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Monday, May 13, 2013

Gun Violence Prevention Legislation Still Alive; LaPierre Wants to Kill It All

According to information obtained from and the Library of Congress at, we have certain gun violence prevention legislation currently pending in both the Senate and the House.  First, there is Senator Feinstein’s bill, originally introduced on 1/24/2013, known as S.150 and titled “Assault Weapons Ban of 2013.”  As of March 14th, that bill was placed on the Senate Legislative Calendar under General Orders.  The Calendar is composed of several sections, which identify bills and resolutions awaiting Senate floor actions. Most measures are placed on the calendar under the heading "General Orders" in the sequence in which they were added to the calendar; in this case #27 on the Calendar, placed there on March 14, 2013 by the Chair of the Committee on the Judiciary, Sen. Patrick Leahy.  (Related Bills: H.R.437, S.691 King-Thompson (HR-1565).

A related bill, S.691, entitled “High-Capacity Ammunition Magazine Ban of 2013,” was introduced in April by Sen. Frank Lautenberg of New Jersey, and is also on the Calendar at #36.  This bill has no immediate summary attached. 

The Summary of Sen. Feinstein’s bill reads, in part, as follows:

Amends the federal criminal code to ban the import, sale, manufacture, transfer, or possession of a semiautomatic assault weapon, including:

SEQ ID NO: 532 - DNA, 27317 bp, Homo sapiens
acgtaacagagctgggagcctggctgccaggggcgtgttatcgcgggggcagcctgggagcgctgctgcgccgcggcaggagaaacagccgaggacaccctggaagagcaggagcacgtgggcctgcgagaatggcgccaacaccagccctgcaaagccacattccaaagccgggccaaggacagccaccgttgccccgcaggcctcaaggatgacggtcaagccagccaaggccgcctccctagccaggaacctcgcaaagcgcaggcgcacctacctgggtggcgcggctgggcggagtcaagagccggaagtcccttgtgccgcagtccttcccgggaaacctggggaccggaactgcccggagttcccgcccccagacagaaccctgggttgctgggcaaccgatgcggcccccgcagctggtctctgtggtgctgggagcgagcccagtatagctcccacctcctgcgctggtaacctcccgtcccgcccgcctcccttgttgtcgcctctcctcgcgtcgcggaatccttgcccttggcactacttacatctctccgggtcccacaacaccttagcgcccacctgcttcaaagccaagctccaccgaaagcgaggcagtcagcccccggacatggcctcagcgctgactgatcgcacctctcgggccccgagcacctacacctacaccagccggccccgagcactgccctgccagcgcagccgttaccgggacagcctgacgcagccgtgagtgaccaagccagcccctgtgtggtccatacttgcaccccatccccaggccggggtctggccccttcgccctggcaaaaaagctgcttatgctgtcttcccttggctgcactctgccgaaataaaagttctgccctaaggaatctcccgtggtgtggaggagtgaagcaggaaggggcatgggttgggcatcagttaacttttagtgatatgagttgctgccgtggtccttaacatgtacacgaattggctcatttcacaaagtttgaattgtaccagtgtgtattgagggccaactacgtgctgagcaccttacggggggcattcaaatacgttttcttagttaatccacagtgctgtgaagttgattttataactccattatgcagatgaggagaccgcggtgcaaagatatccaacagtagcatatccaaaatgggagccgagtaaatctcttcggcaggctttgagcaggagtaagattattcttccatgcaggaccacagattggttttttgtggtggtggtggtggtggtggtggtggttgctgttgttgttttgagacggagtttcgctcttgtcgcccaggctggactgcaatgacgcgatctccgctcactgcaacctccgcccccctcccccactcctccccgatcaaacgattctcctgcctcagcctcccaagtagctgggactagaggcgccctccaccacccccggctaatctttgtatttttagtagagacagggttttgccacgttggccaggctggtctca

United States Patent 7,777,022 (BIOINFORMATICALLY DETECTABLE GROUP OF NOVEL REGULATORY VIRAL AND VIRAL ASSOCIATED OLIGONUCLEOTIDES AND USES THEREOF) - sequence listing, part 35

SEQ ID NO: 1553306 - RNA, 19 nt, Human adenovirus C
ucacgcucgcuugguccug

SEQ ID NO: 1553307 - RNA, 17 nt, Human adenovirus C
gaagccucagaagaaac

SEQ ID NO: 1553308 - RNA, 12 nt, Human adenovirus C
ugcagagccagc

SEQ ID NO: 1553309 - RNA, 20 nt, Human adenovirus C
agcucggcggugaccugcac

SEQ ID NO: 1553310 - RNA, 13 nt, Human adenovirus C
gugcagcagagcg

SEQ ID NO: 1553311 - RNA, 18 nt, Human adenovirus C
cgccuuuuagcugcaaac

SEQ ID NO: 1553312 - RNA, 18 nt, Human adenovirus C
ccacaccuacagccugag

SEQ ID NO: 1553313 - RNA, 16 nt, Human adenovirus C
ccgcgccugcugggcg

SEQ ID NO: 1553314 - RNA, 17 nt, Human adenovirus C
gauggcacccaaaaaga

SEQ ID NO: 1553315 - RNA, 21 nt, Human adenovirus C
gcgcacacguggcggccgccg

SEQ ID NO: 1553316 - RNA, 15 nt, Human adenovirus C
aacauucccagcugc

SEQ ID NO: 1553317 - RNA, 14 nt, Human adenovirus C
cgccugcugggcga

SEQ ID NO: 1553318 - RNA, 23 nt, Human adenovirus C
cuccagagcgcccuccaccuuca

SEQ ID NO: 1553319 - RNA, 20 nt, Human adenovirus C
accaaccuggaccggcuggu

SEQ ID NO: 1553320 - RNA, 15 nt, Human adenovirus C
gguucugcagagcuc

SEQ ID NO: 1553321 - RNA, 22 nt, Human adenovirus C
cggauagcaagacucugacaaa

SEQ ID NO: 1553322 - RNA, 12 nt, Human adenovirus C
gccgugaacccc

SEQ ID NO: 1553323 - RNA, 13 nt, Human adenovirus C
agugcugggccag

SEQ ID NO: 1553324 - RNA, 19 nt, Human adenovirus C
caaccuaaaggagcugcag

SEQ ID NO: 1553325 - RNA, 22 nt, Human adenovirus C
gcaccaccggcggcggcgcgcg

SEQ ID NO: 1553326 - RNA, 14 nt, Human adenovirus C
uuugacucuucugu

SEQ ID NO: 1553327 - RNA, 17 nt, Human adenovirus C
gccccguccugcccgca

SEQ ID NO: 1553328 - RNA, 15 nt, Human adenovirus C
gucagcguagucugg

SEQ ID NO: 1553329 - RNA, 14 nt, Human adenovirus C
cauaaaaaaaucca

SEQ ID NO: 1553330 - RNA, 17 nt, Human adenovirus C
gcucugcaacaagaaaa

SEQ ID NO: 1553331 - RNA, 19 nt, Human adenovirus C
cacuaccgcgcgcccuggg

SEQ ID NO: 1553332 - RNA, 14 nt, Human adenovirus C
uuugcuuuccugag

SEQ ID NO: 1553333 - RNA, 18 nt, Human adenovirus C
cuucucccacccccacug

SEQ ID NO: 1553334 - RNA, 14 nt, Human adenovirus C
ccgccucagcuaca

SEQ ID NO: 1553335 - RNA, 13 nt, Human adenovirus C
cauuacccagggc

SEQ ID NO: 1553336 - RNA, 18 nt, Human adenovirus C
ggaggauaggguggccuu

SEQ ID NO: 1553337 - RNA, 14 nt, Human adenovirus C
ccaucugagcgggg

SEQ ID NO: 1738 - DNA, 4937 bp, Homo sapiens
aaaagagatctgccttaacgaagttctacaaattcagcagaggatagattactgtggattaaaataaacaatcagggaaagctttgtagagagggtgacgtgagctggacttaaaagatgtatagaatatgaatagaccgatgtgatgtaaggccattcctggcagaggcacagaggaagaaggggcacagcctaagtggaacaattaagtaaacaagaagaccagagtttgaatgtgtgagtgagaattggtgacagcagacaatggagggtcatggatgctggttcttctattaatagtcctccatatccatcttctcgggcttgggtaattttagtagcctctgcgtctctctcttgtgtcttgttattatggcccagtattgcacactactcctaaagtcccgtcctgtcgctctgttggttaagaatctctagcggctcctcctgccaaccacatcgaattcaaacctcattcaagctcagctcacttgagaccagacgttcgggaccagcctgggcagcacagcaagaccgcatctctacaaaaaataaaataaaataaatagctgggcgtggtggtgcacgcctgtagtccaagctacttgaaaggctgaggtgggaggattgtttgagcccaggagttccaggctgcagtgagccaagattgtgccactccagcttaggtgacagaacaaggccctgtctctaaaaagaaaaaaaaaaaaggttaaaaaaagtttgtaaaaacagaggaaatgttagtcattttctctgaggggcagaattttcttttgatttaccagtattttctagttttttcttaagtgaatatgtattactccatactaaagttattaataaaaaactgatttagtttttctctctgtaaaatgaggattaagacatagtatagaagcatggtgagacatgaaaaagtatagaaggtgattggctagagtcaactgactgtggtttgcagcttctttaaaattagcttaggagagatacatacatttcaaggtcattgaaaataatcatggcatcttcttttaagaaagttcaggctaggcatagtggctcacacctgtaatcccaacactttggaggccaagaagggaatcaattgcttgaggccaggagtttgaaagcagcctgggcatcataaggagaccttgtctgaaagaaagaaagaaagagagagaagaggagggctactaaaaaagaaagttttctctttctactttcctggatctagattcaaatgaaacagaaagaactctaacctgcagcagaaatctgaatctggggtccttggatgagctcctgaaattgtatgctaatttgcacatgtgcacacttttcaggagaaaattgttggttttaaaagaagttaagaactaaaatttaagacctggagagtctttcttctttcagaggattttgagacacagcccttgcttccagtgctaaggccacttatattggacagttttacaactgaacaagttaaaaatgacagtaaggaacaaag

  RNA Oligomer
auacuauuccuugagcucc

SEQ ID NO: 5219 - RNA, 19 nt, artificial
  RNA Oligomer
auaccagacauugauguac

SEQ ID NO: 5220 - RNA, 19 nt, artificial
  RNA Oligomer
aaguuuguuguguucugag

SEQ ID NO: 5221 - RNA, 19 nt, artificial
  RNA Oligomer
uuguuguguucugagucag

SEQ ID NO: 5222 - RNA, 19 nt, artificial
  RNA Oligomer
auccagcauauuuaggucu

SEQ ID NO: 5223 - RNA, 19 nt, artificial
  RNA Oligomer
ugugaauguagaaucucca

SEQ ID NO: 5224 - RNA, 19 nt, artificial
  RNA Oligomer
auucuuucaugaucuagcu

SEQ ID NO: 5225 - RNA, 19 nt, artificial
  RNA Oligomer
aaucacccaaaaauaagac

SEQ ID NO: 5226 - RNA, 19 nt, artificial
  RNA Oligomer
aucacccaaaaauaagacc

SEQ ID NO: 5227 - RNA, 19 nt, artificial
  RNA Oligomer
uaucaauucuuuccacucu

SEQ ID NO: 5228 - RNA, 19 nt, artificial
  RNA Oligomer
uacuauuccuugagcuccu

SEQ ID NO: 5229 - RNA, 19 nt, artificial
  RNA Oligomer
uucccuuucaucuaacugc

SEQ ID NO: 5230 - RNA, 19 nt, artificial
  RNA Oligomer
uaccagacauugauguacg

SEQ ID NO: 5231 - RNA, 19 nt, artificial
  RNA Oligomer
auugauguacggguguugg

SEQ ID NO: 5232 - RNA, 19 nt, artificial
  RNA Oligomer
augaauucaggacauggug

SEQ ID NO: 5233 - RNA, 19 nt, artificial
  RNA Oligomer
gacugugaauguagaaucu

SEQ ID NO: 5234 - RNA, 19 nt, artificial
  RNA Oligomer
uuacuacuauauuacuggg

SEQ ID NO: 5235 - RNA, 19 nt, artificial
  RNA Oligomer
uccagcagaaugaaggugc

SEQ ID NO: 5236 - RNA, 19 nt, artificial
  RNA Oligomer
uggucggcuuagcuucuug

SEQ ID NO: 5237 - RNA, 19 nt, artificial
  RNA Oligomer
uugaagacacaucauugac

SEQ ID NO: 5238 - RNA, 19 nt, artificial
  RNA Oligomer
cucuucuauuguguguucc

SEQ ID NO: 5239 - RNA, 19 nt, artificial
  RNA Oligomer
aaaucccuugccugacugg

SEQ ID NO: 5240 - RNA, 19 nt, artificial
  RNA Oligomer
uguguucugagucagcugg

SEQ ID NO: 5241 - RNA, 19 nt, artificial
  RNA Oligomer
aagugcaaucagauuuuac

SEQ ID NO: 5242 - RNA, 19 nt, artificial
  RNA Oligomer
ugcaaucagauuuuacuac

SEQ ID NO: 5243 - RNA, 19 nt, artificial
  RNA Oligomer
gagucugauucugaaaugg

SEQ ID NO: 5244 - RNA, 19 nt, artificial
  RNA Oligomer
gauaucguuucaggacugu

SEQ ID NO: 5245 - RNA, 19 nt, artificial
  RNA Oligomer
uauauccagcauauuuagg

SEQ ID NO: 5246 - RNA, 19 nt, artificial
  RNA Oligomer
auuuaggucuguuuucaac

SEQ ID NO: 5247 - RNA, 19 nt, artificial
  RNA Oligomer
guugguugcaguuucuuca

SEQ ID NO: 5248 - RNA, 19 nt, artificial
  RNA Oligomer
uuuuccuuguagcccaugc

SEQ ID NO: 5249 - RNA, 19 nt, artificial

• a semiautomatic rifle that can accept a detachable magazine with certain characteristics;
  • a semiautomatic rifle or pistol with a fixed magazine that can accept more than 10 rounds;
  • a semiautomatic pistol that can accept a detachable magazine and has certain defined characteristics;
  • a semiautomatic shotgun that has certain characteristics, such as a folding, telescoping, or detachable stock; 
  • a shotgun with a revolving cylinder;
  • firearms that are specifically listed as prohibited by this Act and copies, duplicates, variants, or altered facsimiles with the capability of any such weapon;
  • all belt-fed semiautomatic firearms;
  • any combination of parts from which any such prohibited firearm can be assembled; and the frame or receiver of a prohibited rifle or shotgun.

However, it excludes from such ban any semiautomatic assault weapon that: (1) is lawfully possessed on the date of enactment; (2) is manually operated; (3) has been rendered permanently inoperable; (4) is an antique firearm; or (5) is used for law enforcement or security purposes or for testing or experimentation authorized by the Attorney General.
Identifies, by make and model, firearms that are specifically exempted from the ban imposed by this Act.
Requires the Attorney General to establish and maintain a record of the make, model, and date of manufacture of any semiautomatic assault weapon which the Attorney General is made aware has been used in relation to a crime under federal or state law.

Makes it unlawful to: (1) import, sell, manufacture, transfer, or possess a large capacity ammunition feeding device (can accept more than 10 rounds of ammunition); or (2) store or keep any grandfathered semiautomatic weapon that may become accessible by an individual who is prohibited from receiving or possessing such a weapon. Requires identification markings (i.e., serial number and the date of manufacture) on semiautomatic assault weapons and large capacity ammunition feeding devices. Provides for the seizure and forfeiture of prohibited large capacity ammunition feeding devices.